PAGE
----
Red Azalea ) was ordered to denounce Pearl S. Buck; now she offers a thin sketch of the Nobel laureate’s life from the point"/>
 

Pearl of China

Anchee Min, Author
Anchee Min, Author . Bloomsbury $24 (278p) ISBN 978-1-59691-697-5
Open Ebook - 978-1-60819-151-2
Downloadable Audio - 978-1-4561-1432-9
Paperback - 289 pages - 978-1-4088-0979-2
Paperback - 289 pages - 978-1-60819-312-7
Hardcover - 9 pages - 978-1-4074-5689-8
Hardcover - 9 pages - 978-1-4074-5688-1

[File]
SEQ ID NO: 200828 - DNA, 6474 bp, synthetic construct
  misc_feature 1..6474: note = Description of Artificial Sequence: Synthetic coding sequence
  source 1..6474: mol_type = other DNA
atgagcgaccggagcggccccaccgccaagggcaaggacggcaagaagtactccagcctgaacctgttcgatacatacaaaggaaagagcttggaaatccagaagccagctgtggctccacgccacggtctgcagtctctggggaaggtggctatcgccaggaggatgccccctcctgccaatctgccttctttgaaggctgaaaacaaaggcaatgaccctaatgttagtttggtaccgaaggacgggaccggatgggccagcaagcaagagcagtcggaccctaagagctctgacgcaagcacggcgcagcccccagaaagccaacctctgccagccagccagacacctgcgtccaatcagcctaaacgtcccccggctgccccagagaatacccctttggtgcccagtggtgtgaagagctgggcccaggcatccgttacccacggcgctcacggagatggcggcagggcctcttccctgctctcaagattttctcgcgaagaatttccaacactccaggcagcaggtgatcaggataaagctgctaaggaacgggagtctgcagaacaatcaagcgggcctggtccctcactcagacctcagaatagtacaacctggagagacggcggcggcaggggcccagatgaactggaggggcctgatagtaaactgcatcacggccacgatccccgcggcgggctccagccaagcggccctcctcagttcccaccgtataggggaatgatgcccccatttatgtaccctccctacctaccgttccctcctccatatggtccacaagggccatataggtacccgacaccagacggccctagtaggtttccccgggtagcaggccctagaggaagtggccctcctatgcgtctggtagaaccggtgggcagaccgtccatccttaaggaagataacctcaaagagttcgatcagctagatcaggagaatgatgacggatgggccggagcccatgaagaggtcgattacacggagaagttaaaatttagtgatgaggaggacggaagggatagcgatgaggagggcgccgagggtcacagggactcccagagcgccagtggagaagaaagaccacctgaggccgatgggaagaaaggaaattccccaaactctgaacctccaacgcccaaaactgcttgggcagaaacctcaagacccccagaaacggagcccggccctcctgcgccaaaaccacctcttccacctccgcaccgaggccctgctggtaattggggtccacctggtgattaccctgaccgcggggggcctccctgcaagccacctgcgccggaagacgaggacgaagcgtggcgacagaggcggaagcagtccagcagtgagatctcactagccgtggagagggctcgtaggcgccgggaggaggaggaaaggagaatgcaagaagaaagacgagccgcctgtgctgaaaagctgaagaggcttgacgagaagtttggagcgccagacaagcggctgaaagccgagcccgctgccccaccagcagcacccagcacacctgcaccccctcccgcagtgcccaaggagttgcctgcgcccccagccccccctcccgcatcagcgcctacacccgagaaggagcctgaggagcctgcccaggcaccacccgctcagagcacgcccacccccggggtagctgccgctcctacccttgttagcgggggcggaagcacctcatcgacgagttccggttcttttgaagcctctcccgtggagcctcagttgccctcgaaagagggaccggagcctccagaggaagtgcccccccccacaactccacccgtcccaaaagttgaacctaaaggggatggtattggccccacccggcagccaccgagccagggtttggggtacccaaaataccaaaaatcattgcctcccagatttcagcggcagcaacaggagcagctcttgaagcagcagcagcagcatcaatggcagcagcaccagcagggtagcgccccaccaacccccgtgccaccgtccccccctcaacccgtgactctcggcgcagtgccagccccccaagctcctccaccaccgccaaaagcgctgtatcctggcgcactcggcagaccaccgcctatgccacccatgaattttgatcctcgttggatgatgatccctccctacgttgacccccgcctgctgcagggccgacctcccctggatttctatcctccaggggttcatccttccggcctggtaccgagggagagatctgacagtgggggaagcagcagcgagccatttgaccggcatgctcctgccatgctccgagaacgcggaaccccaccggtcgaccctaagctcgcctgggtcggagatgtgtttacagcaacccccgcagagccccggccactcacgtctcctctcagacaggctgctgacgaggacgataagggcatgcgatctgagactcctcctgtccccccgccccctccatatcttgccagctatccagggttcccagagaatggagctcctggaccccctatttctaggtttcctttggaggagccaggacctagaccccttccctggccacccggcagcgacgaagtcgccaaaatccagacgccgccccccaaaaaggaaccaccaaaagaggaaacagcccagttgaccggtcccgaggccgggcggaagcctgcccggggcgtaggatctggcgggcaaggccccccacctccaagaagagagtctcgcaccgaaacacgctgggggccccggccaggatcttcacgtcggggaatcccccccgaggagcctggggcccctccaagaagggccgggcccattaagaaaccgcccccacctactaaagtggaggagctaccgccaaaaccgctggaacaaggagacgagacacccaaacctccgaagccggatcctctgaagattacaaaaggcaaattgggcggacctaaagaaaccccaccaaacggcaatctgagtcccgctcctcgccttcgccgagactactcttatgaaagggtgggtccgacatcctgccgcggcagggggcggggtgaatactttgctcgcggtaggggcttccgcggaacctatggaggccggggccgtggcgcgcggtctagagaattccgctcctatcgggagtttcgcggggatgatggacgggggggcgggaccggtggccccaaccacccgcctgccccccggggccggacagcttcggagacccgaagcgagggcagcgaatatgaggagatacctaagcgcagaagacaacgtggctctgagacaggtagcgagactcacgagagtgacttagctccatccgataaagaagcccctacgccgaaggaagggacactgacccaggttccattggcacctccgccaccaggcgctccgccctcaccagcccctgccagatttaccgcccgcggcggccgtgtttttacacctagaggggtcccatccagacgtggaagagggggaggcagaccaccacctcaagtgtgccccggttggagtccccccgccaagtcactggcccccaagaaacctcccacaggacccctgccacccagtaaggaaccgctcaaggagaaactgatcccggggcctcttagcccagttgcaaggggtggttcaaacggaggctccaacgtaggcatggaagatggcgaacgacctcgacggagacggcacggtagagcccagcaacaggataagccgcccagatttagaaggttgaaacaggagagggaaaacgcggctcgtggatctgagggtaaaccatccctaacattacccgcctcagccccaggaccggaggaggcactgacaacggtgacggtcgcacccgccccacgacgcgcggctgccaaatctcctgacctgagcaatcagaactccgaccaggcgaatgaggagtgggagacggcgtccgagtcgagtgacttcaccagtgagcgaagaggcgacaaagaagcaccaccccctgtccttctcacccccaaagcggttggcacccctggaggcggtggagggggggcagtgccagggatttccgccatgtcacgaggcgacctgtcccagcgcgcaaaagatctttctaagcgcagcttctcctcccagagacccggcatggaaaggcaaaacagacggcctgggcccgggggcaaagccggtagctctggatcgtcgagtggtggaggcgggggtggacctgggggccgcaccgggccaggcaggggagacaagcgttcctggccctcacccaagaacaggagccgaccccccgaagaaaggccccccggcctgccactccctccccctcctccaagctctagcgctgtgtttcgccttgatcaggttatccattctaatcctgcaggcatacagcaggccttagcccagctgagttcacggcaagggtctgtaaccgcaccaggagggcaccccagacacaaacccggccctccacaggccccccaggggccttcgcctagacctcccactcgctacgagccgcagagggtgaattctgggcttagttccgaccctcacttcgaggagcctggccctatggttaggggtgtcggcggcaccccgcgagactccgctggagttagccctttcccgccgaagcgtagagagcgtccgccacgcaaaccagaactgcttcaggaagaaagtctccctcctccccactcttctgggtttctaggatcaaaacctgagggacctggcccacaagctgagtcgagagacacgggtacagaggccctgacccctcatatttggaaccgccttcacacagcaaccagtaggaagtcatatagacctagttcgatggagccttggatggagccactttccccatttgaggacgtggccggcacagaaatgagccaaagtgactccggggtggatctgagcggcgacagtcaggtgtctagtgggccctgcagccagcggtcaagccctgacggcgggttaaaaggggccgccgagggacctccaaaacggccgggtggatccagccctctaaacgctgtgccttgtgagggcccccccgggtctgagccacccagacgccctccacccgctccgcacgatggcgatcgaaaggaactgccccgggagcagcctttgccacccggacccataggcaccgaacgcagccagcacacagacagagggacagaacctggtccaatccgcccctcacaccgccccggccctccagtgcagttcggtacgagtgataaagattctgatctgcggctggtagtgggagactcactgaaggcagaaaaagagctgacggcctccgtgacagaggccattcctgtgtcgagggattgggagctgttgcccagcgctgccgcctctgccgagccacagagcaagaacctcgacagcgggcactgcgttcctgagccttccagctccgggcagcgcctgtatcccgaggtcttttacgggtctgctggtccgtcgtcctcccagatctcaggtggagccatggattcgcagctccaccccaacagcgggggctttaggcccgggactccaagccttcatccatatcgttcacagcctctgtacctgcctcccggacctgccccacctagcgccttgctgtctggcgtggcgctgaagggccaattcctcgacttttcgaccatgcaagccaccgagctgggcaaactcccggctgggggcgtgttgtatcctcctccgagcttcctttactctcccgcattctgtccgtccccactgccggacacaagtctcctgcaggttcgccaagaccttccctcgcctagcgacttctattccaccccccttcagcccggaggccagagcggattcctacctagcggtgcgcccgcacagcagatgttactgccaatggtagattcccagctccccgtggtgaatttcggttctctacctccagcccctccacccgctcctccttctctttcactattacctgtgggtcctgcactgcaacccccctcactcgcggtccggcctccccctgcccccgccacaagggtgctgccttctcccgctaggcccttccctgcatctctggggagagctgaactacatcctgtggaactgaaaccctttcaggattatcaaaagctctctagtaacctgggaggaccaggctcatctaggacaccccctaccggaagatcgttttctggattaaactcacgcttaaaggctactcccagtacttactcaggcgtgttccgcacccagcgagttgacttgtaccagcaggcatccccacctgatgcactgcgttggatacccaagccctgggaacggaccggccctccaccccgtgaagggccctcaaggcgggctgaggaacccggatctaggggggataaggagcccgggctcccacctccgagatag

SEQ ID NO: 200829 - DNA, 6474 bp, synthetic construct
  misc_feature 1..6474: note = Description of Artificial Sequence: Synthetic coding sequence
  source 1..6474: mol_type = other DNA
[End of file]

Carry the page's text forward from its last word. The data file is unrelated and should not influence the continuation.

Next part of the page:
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As a girl in Maoist China, Min (Red Azalea ) was ordered to denounce Pearl S. Buck; now she offers a thin sketch of the Nobel laureate’s life from the point of view of fictional Willow Yee, a fiercely loyal friend. A lifelong friendship begins in Chin-kiang when Willow meets Pearl, whose missionary father converts Willow’s educated but impoverished father. Under threat from hostilities toward foreigners, Pearl departs for the safety of Shanghai, and, later, to America for college, but she returns for her wedding to find that Willow is the satisfied founder of a newspaper and a very unhappy wife. While a changing China swirls around them, their friendship is tested as they both fall in love with the same poet. As the 1949 revolution looms, Pearl flees China, and Willow’s husband becomes Mao’s right-hand man, leading to a fateful showdown with Madam Mao when Willow refuses to denounce her lifelong friend. Though the setting and revolutionary backdrop are inherently dramatic, Min’s account of an epic friendship is curiously low-key, with some sections reading more like a treatment than a narrative. (Apr.)

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